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7 Tips On How To Start Raw Diet For Dogs

7 Tips On How To Start Raw Diet For Dogs

There are plenty of reasons why an increasing number of dog owners are opting for a fully raw diet for dogs.

Not only do they report their dogs having shinier coats and more energy, their dogs even have reduced odour and stool volume.

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Although most dogs don’t need much time to adjust to a raw diet, switching to fully raw food can be a demanding task. Every responsible dog owner who’s switching their dog’s diet to raw food will follow the next tips to a T: 


  • Start Out Gradually

For most dogs, switching to a fully raw diet doesn’t take any time to adjust. Despite that, it’s recommended to introduce your dog to a raw diet gradually. 

This is because some dogs may come up with upset stomachs or even allergies that you didn’t even know they had. 

You can start by adding a small amount of raw food to commercially-available food and then increase the amount of raw food over time. 


  • Introduce Mixed Proteins

There are many sources of protein when it comes to raw dog food, but that doesn’t mean you should introduce them all at once. 

Generally, it’s recommended to start with only one source of protein, such as chicken. Once your dog adjusts to the base meat of your choice, you should introduce a new source of protein to their diet. 

A raw diet for dogs is best done with mixed sources of protein, such as organ meat, whole prey, or raw fat. 


  • Raw Feeding Ratio

Speaking of a mixed raw diet, the best way to combine different sources of fat, proteins, and vegetables is to follow a raw feeding ratio

This ratio can differ on different websites, but the general rule stays approximately the same.

 Your dog’s raw diet should include the following: 

  • 60-80% muscle meat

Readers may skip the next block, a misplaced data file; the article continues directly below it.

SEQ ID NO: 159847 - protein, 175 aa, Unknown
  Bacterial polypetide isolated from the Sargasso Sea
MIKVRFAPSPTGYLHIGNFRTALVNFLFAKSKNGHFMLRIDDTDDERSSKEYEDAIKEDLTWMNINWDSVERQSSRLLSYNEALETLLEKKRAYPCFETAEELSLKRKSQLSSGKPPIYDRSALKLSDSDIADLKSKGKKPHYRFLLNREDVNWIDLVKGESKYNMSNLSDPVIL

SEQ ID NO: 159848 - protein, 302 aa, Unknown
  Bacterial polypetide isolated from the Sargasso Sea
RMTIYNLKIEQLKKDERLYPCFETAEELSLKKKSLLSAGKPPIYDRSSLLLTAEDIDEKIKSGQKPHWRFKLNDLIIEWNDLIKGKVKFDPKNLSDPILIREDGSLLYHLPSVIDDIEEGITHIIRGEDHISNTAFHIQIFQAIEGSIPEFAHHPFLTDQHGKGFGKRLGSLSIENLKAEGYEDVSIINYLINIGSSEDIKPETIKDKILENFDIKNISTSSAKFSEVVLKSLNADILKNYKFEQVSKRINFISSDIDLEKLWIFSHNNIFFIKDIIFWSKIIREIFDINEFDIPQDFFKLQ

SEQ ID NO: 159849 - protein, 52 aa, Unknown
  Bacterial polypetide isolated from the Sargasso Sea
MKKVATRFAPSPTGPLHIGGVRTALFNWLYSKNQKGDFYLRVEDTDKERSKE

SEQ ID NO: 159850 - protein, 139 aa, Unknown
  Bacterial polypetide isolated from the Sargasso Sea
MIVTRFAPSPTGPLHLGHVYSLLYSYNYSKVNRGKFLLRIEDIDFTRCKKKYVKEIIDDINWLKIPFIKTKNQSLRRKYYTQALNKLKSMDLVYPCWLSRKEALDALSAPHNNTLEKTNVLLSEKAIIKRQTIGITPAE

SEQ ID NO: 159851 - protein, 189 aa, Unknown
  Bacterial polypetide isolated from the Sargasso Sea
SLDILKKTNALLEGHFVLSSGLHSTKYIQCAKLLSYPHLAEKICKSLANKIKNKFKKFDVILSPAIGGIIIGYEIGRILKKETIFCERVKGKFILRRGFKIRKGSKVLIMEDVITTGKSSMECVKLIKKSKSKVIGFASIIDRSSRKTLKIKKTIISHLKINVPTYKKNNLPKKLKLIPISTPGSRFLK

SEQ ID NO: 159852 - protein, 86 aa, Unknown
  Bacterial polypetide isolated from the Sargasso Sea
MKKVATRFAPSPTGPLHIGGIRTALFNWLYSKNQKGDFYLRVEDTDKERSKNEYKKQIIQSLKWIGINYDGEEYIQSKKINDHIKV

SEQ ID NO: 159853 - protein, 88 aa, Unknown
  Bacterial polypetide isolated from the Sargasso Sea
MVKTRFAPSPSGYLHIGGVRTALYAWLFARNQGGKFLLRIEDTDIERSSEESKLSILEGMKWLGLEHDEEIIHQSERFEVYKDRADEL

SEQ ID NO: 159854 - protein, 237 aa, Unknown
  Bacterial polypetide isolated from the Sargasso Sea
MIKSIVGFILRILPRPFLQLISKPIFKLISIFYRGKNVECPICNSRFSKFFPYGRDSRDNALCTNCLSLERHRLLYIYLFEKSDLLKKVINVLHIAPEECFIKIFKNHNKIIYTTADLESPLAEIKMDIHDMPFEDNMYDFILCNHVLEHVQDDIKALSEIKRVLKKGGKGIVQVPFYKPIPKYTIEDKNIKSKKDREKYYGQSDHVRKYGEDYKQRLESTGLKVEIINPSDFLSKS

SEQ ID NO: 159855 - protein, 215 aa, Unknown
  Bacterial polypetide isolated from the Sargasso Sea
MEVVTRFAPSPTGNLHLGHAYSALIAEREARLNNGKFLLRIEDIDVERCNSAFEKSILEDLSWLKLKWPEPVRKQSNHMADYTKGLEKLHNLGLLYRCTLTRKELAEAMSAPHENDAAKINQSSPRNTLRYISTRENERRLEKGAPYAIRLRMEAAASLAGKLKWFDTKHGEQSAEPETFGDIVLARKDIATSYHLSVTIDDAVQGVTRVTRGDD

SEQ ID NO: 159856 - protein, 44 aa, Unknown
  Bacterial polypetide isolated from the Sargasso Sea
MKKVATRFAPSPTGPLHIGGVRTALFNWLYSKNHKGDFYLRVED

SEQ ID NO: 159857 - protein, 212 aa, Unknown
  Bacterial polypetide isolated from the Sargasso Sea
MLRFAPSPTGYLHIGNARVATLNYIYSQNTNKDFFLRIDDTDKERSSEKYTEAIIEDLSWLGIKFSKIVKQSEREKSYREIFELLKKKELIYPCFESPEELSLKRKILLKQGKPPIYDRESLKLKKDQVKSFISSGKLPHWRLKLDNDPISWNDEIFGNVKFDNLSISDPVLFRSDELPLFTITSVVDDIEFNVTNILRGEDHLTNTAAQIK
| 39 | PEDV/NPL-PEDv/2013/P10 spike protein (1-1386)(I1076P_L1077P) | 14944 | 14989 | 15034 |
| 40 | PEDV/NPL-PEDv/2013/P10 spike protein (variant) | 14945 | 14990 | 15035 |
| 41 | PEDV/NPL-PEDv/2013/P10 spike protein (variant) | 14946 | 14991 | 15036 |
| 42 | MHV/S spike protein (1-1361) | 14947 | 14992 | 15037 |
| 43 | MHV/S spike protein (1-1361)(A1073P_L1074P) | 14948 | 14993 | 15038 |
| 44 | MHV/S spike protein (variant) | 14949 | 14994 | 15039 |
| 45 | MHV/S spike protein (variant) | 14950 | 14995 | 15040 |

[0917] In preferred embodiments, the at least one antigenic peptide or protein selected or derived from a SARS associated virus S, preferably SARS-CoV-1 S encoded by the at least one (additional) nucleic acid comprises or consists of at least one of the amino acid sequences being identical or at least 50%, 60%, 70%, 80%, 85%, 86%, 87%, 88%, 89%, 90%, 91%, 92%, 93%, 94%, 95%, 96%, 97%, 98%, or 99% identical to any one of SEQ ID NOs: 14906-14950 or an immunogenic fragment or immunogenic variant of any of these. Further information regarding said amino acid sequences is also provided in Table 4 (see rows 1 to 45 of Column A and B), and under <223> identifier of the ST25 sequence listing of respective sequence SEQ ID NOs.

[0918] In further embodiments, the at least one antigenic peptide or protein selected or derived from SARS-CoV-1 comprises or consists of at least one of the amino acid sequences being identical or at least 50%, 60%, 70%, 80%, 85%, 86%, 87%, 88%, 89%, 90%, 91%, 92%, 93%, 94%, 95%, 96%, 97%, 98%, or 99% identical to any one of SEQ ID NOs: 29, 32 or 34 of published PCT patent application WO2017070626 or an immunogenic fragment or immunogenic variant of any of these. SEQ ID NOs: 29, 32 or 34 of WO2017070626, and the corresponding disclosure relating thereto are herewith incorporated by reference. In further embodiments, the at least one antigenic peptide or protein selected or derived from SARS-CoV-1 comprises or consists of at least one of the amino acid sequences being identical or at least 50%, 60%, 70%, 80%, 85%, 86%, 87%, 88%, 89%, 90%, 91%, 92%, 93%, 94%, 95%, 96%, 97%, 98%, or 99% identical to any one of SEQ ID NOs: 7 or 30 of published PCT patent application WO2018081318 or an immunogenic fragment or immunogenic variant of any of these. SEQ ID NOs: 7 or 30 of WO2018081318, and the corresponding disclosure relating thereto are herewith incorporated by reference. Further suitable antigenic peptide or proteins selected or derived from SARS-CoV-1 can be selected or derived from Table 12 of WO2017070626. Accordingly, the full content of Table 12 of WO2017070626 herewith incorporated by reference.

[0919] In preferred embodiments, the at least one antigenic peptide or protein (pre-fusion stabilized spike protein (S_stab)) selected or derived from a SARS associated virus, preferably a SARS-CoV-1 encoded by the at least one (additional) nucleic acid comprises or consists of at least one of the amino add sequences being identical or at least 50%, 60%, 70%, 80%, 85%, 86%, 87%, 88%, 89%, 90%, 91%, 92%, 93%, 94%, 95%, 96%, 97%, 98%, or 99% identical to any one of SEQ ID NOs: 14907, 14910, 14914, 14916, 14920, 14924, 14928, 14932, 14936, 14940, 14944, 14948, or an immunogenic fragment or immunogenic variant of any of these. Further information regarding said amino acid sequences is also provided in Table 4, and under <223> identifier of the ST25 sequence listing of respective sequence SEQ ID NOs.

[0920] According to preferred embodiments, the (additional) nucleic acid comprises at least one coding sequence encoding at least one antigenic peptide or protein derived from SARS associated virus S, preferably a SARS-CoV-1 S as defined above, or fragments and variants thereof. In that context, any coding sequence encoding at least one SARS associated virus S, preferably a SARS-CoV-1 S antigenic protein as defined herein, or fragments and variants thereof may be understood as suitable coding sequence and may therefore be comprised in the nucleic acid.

• 5-10% organ meat
  • 5-10% edible bones
  • 5% seeds/fruits/vegetables


With that, muscle meat includes chicken breast, beef, lean pork, rabbit meat, duck, lamb, turkey, and fish. Organ meat includes the liver, kidney, brain, pancreas, and other types of organ meat.

Vegetables are also a superfood for dogs, as they provide a nice source of fibre, minerals, vitamins, and antioxidants.


  • Avoid Cooked Bones

You may think that you are helping your dog chew on a bone more easily by cooking the bone previously. However, this is a dangerous mistake that many dog owners make!

As you switch your dog’s diet to a raw one, don’t be afraid to give the dog raw bones too. In fact, cooking the bones makes them harder, which can hurt your dog’s intestines or even lead to choking. 

Some types of bones are not safe for dogs, even when uncooked. Pork bones and chicken bones should never be given to your dog in any form, due to the risk of splintering. Rib bones tend to behave the same way, so avoid those as well. 


  • Age & Weight Adjustments

The diet switch won’t be complete if the age and weight of your dog are not properly taken into consideration. After all, you’re doing this to make the dog’s life better, so it’s recommended to have a holistic approach. 

A general rule is that adult dogs (aged 1+ years) should eat 2-3% of their body weight. For example, a dog that weighs 20 kg should eat 400-600 grams of food. 

That’s a bit different for puppies, as they eat 6-8% of their body weight. 


  • Check Your Dog’s Stool

As you switch your dog’s diet to a raw one, it’s very important to monitor the dog’s poop during this time. This will give you insight into how your dog adjusts to the new diet. 

Diarrhoea or constipation signifies that you should switch the raw meat you use. Crumbly & white poo signifies too much bone in the diet. What you want to see is firm poop that is easy to pick up.


  • Itchy Skin Is Okay

Many dogs develop temporarily itchy skin while switching to a fully raw diet. 

This isn’t always a sign of allergies but a sign of detoxing from previous additives & toxins in food. The dog’s body will cleanse naturally through the skin, and this will stop eventually. 


The Bottom Line

Many owners are reluctant to feed their dogs raw food because of worms found in raw meat. However, buying from a trusted meat source will help minimise the chances of any parasites making their way into your dog’s food. 

By following these tips, you can quickly adjust your dog’s nutrition and help them reap the many benefits of a raw food diet.


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